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Ohio’s rail plan goes off tracks in overall logistics

The romance of rail carries a powerful allure for many Americans, so it’s easy to see why the prospect of a passenger train system linking Ohio cities and beyond would create excitement. But romance can’t sweep away gritty facts that don’t appear to add up about Ohio’s proposed 256-mile, six-stop, three-train-a-day “3C” passenger line from Cincinnati to Columbus to Cleveland, which received a $400 million federal funding boost in late January. …

With an average speed of 39 mph and a timetable that makes it all but unusable for business travelers and sports fans, this is not the high-speed, high-tech network that Washington is pitching to the American public.

It is not even like Amtrak’s existing Boston-to-Washington passenger line that can hit 150 mph (but averages 77 between major cities).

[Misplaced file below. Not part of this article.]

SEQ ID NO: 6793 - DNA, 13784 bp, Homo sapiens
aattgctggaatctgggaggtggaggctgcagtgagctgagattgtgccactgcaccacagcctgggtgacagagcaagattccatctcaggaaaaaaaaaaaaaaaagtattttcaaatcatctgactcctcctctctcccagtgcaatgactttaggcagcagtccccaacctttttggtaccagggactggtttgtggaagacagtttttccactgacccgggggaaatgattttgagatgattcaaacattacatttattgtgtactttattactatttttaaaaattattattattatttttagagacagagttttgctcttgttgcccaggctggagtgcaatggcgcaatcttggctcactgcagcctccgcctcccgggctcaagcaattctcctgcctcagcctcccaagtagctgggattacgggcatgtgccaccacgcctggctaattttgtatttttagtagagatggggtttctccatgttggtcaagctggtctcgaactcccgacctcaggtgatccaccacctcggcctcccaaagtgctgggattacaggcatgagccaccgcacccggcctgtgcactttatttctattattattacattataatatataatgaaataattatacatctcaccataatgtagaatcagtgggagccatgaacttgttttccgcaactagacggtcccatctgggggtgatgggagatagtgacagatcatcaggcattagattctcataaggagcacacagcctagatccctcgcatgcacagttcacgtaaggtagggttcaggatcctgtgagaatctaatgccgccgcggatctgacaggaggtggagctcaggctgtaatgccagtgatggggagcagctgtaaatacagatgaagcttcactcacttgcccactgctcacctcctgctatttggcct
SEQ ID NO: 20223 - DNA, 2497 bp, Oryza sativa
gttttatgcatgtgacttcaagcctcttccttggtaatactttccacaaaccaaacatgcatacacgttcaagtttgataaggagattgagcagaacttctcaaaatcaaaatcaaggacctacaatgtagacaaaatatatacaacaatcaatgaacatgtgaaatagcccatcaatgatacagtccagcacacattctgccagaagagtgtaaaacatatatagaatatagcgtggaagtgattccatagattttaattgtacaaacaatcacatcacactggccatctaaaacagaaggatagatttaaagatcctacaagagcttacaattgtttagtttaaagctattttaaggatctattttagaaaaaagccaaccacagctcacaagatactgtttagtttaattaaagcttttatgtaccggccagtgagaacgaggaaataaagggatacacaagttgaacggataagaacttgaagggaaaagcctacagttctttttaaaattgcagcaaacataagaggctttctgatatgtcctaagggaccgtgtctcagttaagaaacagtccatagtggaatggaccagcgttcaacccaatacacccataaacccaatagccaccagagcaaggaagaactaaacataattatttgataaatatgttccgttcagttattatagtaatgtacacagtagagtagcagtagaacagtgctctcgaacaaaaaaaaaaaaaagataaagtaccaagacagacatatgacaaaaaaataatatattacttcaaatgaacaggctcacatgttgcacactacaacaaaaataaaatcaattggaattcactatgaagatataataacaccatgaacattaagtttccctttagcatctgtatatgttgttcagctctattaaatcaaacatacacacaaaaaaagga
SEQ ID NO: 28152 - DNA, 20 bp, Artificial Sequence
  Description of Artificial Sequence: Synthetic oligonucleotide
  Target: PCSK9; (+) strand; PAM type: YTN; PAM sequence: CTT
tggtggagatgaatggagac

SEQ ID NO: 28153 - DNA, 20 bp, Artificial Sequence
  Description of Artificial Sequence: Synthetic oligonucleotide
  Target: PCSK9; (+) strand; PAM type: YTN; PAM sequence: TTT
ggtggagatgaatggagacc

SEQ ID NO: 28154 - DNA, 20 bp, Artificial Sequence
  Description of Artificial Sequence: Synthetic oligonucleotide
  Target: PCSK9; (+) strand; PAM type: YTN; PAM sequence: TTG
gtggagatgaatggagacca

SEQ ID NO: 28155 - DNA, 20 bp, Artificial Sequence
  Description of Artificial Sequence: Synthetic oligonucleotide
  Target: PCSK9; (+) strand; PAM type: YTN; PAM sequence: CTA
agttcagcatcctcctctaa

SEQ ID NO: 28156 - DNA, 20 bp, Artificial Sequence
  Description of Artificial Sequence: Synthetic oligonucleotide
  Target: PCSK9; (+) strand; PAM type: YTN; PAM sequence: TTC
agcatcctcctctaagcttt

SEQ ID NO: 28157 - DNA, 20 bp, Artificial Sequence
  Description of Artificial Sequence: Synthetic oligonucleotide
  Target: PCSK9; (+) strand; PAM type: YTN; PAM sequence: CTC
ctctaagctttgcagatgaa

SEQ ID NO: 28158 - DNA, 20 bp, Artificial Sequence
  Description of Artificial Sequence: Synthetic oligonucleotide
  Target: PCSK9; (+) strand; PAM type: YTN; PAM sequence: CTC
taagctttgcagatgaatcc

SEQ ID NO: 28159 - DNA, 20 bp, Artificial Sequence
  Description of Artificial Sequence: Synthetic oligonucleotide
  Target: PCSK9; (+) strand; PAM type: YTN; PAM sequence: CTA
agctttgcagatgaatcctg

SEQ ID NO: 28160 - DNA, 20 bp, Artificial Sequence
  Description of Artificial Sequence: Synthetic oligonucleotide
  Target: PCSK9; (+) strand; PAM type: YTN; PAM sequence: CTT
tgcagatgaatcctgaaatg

Solid reasons exist for supporting a passenger train service. …

But with speed, schedule and station limitations, it’s hard to imagine it gaining a following among the business people on which such a service’s ridership would depend. It could take 6 1/2 hours from Cincinnati to Cleveland, plus time to and from destinations in both cities. Driving directly could take half the time and possibly cost less in gas; some studies suggest cars can be more energy-efficient than trains for intercity travel. ..

The Cincinnati Enquirer,

Feb. 19